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You will receive a brief confirmation. To return to the item record click the Regular Display button. To return to the result page click the Return to List button.

You will be notified when your items are available for pick up at the Circulation Desk in the Library. If you are a distance education student then click here for more information.

For assistance with PINs, access to electronic resources, or help with your research, please contact the Reference Desk, by email at refdesk@uncp.edu, or by phone at 910.521.6656. You can also use the Ask-A-Librarian webform, which is available at http://www.uncp.edu/library/ask.html.

Using Oxford Reference Online

Oxford Reference Online brings together Oxford's core collection of renowned reference works into a single cross-searchable resource with an expanding range of key titles in the acclaimed Oxford Companions series plus the Oxford Dictionary of Quotations.

To access this database, you will need to use the Title list: http://www.uncp.edu/library/electronic/title.html#o

Next, click the Oxford Reference Online: Premium Collection link.

 

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Off-Campus Login

Click the Oxford Reference Online: Premium Collection link. If you are off campus, you will need to use your login and PIN in order to place holds on items in BraveCat or use electronic databases from off campus.

All library-related login screens (with the exception of Course Reserves and Document Delivery) contain three login boxes. Put your first or last name (not both) in the first box. Enter your University ID (your Banner number - if you do not know your Banner number, then log into BraveWeb https://braveweb.uncp.edu/ to locate it) in the second box, and enter your PIN in the third box and click the Submit button (see image below).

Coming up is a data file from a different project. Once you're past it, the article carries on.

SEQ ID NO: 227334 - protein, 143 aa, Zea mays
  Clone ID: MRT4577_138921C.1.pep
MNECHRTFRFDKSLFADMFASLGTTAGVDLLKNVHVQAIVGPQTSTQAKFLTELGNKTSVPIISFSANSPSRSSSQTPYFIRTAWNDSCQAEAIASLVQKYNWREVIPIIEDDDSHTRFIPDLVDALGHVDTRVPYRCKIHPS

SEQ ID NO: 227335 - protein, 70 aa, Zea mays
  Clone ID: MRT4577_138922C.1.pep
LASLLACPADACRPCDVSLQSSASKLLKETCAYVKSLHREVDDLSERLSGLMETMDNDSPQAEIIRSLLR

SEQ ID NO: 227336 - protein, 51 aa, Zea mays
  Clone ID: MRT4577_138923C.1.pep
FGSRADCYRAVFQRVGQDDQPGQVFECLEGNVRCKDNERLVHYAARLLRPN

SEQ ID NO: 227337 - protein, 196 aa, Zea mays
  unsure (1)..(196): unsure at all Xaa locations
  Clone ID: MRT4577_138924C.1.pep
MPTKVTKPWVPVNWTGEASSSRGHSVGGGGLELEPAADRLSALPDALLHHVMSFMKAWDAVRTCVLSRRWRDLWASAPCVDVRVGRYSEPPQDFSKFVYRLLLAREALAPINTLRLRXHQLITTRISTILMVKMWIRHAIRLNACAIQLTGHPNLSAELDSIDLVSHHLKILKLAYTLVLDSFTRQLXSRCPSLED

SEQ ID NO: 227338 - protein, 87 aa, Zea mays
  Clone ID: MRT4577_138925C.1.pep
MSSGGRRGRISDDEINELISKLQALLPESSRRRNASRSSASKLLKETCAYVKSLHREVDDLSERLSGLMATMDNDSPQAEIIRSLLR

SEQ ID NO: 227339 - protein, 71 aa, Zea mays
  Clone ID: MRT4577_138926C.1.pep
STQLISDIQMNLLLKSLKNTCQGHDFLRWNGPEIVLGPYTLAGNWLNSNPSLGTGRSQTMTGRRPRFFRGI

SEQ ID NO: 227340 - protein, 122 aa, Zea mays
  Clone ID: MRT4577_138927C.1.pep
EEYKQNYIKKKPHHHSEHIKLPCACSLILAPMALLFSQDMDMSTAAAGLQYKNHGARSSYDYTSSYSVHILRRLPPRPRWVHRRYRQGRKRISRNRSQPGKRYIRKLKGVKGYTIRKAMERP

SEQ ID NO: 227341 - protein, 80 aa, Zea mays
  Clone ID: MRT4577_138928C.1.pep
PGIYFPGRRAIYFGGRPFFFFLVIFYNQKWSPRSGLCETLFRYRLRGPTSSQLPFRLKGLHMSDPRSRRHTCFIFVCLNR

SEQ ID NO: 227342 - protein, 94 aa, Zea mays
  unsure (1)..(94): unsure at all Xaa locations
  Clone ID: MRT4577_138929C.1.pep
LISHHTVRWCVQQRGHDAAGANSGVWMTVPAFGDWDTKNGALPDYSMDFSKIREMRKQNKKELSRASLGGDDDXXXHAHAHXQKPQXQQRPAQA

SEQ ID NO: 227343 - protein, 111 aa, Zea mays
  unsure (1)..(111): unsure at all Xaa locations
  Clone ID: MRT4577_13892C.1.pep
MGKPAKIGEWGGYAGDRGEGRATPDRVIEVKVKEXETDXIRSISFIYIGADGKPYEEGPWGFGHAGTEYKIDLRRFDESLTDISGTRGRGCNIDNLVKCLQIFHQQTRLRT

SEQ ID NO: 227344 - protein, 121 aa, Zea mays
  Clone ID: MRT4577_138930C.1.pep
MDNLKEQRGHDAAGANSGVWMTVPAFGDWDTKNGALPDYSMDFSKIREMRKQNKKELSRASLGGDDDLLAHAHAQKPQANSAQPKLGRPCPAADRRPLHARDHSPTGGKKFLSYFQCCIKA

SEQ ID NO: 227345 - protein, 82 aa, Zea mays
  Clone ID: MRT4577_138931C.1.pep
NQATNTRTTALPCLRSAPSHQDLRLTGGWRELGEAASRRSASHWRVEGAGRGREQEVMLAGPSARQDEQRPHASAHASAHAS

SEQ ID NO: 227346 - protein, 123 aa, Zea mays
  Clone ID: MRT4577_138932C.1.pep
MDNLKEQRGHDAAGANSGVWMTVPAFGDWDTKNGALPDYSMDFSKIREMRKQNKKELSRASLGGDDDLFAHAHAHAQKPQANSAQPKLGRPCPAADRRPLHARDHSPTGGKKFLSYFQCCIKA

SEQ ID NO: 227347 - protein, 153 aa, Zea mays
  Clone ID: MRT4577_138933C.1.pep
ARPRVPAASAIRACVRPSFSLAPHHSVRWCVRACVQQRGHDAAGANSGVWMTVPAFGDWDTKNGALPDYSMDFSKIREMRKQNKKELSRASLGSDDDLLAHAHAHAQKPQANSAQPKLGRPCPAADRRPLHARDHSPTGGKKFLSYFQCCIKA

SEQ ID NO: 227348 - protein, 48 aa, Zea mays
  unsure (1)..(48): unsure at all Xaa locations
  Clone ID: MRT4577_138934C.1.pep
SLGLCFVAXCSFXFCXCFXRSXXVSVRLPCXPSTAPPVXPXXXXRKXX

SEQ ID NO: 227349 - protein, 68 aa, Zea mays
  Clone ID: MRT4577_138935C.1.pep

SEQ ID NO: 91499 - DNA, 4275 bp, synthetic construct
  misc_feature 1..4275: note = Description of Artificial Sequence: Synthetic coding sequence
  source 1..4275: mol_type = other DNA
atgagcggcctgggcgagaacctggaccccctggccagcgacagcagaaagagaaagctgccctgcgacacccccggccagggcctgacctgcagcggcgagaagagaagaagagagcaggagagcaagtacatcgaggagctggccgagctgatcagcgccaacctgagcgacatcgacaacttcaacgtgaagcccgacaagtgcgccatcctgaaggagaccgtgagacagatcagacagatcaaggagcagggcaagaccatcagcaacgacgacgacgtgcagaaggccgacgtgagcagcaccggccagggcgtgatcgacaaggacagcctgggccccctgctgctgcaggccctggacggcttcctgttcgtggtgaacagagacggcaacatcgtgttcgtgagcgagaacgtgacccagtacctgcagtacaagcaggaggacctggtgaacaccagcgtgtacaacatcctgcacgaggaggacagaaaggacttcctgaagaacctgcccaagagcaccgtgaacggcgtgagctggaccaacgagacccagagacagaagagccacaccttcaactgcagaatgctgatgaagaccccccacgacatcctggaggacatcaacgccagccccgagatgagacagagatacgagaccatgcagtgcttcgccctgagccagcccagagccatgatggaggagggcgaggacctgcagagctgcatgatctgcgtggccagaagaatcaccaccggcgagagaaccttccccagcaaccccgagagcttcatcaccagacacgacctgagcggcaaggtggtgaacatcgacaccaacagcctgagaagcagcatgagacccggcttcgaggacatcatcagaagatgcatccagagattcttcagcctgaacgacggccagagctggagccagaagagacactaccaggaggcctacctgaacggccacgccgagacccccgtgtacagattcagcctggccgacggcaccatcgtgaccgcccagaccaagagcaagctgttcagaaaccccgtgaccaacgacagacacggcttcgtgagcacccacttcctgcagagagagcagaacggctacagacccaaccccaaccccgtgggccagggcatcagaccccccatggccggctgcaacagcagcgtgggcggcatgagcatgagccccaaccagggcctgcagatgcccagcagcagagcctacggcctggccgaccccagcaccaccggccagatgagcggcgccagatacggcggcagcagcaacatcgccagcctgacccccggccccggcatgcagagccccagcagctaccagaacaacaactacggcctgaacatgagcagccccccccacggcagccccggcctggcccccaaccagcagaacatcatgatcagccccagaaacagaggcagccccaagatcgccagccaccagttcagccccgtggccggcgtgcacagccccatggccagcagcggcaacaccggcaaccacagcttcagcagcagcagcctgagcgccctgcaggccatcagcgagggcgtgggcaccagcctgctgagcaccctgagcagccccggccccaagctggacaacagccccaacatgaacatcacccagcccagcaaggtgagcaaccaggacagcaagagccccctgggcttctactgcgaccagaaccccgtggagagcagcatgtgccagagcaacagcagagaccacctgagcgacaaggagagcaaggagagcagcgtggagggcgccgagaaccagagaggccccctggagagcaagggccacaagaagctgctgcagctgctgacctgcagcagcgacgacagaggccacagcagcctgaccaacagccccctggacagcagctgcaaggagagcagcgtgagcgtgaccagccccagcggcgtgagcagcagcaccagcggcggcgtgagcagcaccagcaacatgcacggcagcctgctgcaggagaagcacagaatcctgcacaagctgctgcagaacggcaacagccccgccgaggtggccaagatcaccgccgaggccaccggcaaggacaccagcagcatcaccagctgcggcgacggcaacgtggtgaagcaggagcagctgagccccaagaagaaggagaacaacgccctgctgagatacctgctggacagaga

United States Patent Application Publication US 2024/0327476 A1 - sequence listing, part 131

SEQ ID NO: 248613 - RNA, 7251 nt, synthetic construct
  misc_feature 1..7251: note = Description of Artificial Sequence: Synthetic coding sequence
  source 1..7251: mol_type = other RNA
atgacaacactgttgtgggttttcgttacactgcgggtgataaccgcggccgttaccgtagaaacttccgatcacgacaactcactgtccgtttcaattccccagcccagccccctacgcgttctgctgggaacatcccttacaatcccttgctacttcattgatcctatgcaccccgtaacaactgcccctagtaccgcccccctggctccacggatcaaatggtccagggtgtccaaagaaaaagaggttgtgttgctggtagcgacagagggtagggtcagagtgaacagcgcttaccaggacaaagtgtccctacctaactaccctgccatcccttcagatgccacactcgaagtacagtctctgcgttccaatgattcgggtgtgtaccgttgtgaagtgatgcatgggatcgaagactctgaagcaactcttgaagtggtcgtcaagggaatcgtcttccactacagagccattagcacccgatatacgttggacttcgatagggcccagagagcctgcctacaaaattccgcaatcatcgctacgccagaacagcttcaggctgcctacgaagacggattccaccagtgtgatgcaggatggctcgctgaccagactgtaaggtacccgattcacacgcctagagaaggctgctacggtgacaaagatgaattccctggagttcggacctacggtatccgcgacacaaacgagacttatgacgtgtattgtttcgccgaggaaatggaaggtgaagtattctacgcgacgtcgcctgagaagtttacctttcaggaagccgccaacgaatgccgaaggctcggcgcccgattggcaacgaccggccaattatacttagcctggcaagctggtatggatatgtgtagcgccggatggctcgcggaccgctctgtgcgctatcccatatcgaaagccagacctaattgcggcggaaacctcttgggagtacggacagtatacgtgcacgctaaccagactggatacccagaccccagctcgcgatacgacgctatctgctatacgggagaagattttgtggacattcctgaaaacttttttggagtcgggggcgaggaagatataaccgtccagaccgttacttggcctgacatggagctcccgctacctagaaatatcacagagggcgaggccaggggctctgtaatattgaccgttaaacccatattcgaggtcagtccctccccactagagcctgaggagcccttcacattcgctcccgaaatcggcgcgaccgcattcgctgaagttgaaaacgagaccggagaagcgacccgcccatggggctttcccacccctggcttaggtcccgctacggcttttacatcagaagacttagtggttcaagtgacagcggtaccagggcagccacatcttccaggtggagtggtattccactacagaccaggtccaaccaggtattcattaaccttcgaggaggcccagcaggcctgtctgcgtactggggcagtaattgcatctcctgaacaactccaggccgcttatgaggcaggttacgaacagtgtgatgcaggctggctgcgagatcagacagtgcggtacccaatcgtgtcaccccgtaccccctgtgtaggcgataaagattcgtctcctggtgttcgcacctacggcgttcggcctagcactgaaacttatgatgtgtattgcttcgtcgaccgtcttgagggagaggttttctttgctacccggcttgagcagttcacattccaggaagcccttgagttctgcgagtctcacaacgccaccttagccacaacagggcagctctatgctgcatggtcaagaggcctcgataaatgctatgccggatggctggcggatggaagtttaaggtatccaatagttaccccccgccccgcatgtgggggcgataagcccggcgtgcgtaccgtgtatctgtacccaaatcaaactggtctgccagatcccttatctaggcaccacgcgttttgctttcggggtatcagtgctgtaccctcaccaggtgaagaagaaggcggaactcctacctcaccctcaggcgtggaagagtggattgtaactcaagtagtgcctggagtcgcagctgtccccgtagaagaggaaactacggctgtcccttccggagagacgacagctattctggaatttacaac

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The Basic Search

Simply enter your keywords in the search box and click the Go button (see image below).

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The search for Charlotte Bronte returned 24 results. Pay close attention to the tabs at the top of the window (see image below). Clicking on one of these will help you to limit the scope of the results. Also, you may want to click the Literature link on the left side of the window.

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To open an entry from the results, simply click a title link (see image below).

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Next, you will see the entry itself. Pay attention to the citation information at the page. This will be necessary if you use this resource for your research. Also, notice the email and print links (see image below).

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Note: you can browse titles by subject by using the Literature link on the main page (see image below).

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Literature and Language Subject Page